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Por lo visto se acabo la luna de miel de la administracion con los medios...

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Por lo visto se acabo la luna de miel de la administracion con los medios...

Mensaje por Charlie319 el Miér Mayo 15, 2013 10:11 am

Una de las cosas que mas han frustrado a los conservadores es como los medios se han vendido a la administracion como si Obama les hubiera comido el cerebro. Por lo visto, estos recientes escandalazos, no solo le han roto el embrujo al idolo de ebano, sino que le pueden costar el que se visiten temas ya pasados con la intencion de reevaluar sus posturas en esos asuntos... Vemos como a Eric Holder se le menciona el asuntillo de Fast & Furious...



http://www.washingtontimes.com/news/2013/may/15/jon-stewart-blasts-obama-over-ap-irs-scandals/




<p>Jon Stewart blasts Obama over AP, IRS scandals








By Ben Wolfgang

The Washington Times

Wednesday, May 15, 2013


President Obama is taking heat from all sides, including late-night satirist Jon Stewart.

The longtime “Daily Show” host on Tuesday night tore into the White House and specifically bashed the president for repeatedly claiming he learned of major events at the same time as the American public.

He played video clips of Mr. Obama saying he learned of the “Fast and Furious” gunrunning scandal through news reports. Mr. Stewart then played a similar clip of the president claiming to have learned about the infamous 2009 Air Force One flyover of Manhattan through the media.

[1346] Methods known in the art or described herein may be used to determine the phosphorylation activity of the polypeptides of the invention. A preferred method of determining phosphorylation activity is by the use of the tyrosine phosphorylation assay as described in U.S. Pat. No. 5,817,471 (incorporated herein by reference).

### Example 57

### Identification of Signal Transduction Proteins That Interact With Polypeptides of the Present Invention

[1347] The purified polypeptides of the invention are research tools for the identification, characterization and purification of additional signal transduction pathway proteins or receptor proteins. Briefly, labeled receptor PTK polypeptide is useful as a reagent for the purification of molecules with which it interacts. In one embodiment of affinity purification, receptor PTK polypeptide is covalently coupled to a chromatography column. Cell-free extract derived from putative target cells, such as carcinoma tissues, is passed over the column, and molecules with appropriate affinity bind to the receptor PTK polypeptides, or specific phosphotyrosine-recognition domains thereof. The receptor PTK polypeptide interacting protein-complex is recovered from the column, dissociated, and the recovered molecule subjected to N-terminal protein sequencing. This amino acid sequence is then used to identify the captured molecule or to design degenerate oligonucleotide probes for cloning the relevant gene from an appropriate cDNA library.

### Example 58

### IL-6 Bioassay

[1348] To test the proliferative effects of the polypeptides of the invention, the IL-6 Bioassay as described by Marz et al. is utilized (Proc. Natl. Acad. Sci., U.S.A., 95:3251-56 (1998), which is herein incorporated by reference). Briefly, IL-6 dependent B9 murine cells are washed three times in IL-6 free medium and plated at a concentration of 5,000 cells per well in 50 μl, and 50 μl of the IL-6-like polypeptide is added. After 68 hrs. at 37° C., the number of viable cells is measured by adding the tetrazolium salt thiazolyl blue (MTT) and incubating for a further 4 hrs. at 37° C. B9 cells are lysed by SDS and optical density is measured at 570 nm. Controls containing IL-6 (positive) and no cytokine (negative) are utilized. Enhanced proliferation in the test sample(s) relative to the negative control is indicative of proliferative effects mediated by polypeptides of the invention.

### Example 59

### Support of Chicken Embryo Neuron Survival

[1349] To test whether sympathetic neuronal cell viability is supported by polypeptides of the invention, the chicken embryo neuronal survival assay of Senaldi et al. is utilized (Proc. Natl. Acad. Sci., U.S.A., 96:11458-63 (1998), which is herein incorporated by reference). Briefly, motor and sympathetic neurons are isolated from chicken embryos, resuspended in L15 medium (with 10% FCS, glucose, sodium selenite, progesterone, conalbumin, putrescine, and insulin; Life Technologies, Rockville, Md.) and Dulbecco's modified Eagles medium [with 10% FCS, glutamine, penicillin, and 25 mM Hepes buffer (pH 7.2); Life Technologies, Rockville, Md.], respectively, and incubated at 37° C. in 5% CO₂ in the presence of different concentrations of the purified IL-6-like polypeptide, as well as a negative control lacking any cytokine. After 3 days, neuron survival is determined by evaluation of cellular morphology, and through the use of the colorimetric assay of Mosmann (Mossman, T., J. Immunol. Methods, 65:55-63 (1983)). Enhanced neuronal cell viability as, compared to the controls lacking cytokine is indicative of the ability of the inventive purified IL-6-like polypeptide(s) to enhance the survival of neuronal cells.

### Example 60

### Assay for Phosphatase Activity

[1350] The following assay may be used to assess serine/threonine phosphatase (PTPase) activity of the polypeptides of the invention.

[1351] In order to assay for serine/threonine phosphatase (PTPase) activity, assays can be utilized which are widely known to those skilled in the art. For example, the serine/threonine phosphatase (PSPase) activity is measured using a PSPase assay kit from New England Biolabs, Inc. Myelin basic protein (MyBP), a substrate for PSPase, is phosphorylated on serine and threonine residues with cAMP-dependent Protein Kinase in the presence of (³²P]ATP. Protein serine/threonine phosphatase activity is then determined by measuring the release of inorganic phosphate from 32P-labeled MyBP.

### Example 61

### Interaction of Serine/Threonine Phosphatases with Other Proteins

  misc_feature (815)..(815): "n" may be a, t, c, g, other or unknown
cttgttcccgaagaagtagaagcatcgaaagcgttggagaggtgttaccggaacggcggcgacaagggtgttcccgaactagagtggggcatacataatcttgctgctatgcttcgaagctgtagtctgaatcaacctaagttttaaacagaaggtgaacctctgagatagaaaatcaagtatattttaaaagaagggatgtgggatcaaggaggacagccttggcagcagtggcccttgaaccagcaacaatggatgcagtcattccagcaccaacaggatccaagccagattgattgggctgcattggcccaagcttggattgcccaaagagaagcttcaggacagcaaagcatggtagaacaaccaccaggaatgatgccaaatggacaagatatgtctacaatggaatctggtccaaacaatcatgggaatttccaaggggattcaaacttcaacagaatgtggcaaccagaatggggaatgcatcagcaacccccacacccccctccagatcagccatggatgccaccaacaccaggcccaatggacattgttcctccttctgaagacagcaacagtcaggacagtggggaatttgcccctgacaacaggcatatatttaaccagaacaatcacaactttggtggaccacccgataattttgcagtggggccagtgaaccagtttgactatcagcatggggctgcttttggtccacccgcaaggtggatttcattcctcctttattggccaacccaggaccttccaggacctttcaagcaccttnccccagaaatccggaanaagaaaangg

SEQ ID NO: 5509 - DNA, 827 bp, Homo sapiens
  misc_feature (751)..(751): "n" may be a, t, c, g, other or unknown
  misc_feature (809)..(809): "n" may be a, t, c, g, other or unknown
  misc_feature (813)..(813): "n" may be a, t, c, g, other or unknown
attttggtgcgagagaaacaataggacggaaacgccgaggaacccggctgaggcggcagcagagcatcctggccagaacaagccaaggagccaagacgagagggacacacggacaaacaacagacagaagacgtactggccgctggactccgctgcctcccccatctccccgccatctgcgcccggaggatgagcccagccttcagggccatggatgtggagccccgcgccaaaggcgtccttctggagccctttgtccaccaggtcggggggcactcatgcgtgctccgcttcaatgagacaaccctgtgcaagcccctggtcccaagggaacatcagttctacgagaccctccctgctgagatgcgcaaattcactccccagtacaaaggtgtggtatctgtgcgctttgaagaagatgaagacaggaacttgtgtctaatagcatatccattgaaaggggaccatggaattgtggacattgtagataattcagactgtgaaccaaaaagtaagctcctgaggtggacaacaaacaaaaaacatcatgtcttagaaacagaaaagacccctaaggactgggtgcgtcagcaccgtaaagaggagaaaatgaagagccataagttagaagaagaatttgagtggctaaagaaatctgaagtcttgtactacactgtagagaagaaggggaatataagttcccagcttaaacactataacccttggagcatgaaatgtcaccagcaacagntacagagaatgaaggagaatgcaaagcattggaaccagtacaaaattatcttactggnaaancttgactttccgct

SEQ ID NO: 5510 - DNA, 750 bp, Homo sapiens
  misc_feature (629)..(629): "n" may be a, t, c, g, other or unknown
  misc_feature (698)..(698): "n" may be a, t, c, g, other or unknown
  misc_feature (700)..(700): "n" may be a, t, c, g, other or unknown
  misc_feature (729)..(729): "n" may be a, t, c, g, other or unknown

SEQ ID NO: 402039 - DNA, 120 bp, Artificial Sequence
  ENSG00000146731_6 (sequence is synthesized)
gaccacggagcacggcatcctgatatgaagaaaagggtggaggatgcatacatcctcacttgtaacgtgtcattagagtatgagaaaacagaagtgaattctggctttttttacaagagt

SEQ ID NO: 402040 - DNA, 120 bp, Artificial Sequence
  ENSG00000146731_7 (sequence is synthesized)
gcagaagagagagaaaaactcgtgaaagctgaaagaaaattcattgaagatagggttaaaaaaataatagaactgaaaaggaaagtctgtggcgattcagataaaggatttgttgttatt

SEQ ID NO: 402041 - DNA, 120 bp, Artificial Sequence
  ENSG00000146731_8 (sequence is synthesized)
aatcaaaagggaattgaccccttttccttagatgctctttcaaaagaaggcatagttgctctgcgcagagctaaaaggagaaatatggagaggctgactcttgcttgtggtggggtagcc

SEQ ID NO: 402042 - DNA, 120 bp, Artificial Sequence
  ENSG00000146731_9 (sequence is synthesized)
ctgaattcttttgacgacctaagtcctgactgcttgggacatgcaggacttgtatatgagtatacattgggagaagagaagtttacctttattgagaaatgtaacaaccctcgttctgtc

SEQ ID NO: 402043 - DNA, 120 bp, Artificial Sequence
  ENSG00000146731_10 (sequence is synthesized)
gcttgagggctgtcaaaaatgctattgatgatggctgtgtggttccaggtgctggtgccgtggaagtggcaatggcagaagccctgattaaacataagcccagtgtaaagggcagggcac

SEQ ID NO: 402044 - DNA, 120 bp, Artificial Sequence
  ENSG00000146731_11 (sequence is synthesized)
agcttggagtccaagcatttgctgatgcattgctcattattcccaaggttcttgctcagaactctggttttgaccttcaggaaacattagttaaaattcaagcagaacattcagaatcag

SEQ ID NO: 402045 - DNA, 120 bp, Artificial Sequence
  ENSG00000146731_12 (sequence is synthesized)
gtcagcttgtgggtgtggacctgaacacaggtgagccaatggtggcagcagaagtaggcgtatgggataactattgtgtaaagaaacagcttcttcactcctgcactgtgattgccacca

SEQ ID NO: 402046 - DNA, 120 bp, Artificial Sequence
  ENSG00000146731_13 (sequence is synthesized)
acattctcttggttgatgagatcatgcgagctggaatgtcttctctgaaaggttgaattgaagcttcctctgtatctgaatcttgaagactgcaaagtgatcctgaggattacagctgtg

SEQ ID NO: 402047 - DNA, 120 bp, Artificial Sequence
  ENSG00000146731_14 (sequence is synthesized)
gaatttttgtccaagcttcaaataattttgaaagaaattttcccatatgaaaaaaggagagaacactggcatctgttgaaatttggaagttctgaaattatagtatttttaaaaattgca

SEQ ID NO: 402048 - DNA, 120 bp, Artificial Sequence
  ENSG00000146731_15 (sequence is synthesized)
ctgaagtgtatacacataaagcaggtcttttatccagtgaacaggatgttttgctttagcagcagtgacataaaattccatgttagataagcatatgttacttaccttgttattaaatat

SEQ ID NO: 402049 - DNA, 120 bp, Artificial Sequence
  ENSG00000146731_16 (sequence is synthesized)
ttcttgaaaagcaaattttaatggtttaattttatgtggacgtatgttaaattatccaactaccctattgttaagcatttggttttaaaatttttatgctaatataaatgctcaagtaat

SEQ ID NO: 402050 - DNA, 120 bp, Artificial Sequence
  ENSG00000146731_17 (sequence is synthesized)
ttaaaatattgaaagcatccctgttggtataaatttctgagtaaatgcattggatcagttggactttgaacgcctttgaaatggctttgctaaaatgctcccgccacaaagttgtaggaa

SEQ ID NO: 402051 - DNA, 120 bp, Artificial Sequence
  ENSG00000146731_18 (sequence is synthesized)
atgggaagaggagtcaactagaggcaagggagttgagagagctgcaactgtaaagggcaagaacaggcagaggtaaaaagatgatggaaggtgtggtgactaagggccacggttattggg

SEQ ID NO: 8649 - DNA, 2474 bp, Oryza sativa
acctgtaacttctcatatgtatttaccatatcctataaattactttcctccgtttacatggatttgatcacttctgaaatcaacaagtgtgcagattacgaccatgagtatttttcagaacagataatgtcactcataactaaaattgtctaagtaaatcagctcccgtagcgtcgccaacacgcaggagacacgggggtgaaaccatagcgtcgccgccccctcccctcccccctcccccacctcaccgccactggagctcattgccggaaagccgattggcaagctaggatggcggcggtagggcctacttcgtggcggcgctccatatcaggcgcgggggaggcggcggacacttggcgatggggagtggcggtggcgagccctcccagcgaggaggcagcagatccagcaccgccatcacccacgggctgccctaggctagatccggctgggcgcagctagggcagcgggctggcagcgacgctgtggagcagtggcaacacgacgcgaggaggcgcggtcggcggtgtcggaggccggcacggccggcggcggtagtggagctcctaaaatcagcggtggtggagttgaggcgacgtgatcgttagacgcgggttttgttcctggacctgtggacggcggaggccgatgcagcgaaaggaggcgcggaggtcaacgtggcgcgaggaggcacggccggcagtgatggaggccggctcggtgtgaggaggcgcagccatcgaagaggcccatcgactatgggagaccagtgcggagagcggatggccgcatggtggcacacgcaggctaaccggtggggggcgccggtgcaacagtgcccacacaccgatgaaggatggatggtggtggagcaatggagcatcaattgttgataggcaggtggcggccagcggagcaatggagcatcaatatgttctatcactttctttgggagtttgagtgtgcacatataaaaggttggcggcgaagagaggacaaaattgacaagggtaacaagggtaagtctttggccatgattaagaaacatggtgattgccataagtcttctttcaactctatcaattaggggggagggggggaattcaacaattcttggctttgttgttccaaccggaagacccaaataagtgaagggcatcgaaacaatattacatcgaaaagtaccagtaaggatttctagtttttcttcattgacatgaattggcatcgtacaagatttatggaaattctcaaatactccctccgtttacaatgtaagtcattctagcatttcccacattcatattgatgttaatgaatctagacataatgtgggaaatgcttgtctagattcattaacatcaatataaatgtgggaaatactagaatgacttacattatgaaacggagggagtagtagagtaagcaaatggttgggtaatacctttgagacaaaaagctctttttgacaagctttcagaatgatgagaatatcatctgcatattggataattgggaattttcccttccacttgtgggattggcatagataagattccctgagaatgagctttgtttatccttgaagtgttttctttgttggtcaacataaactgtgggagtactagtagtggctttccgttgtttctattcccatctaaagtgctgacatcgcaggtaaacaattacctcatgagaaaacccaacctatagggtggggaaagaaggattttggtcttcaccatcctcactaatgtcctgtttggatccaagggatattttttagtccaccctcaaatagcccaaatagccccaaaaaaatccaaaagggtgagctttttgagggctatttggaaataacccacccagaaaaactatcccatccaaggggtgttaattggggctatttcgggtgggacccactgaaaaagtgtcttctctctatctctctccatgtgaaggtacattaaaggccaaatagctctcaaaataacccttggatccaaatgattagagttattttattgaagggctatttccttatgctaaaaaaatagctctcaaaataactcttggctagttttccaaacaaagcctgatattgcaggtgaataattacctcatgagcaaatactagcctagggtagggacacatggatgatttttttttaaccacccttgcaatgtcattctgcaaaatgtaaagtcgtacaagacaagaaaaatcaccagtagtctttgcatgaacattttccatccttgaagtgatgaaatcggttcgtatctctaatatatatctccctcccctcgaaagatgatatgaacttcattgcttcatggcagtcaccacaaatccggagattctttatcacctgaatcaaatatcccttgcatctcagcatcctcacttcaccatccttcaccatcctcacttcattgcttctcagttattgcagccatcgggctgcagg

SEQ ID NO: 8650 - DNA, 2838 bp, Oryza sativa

White House Press Secretary Jay Carney offered the same defense for the revelation that the Department of Justice had seized phone logs from The Associated Press, saying the commander-in-chief had no knowledge of it other than through the press.

I wouldn’t be surprised if President Obama learned Osama bin Laden had been killed when he saw himself announcing it on television,” Mr. Stewart deadpanned.

It’s the latest example of usually friendly media figures turning on the president over the growing list of scandals.

On “Morning Joe” on Tuesday morning, MSNBC host and vocal Obama supporter Chris Matthews said the IRS’ targeting of political opponents is particularly dangerous because it “undermines the basic trust” in government.

This is really serious business, and it’s not going to be forgotten for decades,” he said.

Y del Fox News:




Benghazi, IRS, AP scandals -- will buck ever stop with Obama?






By Douglas E. Schoen

Published May 14, 2013

FoxNews.com


The first question for White House spokesman Jay Carney at Tuesday's press briefing went right to the heart of the growing crisis facing President Obama:

In the matters of the Benghazi terror attack, the IRS targeting conservative groups, the Justice Department going after AP phone records, “…doesn’t responsibility for setting tone, setting direction ultimately rest with the president?”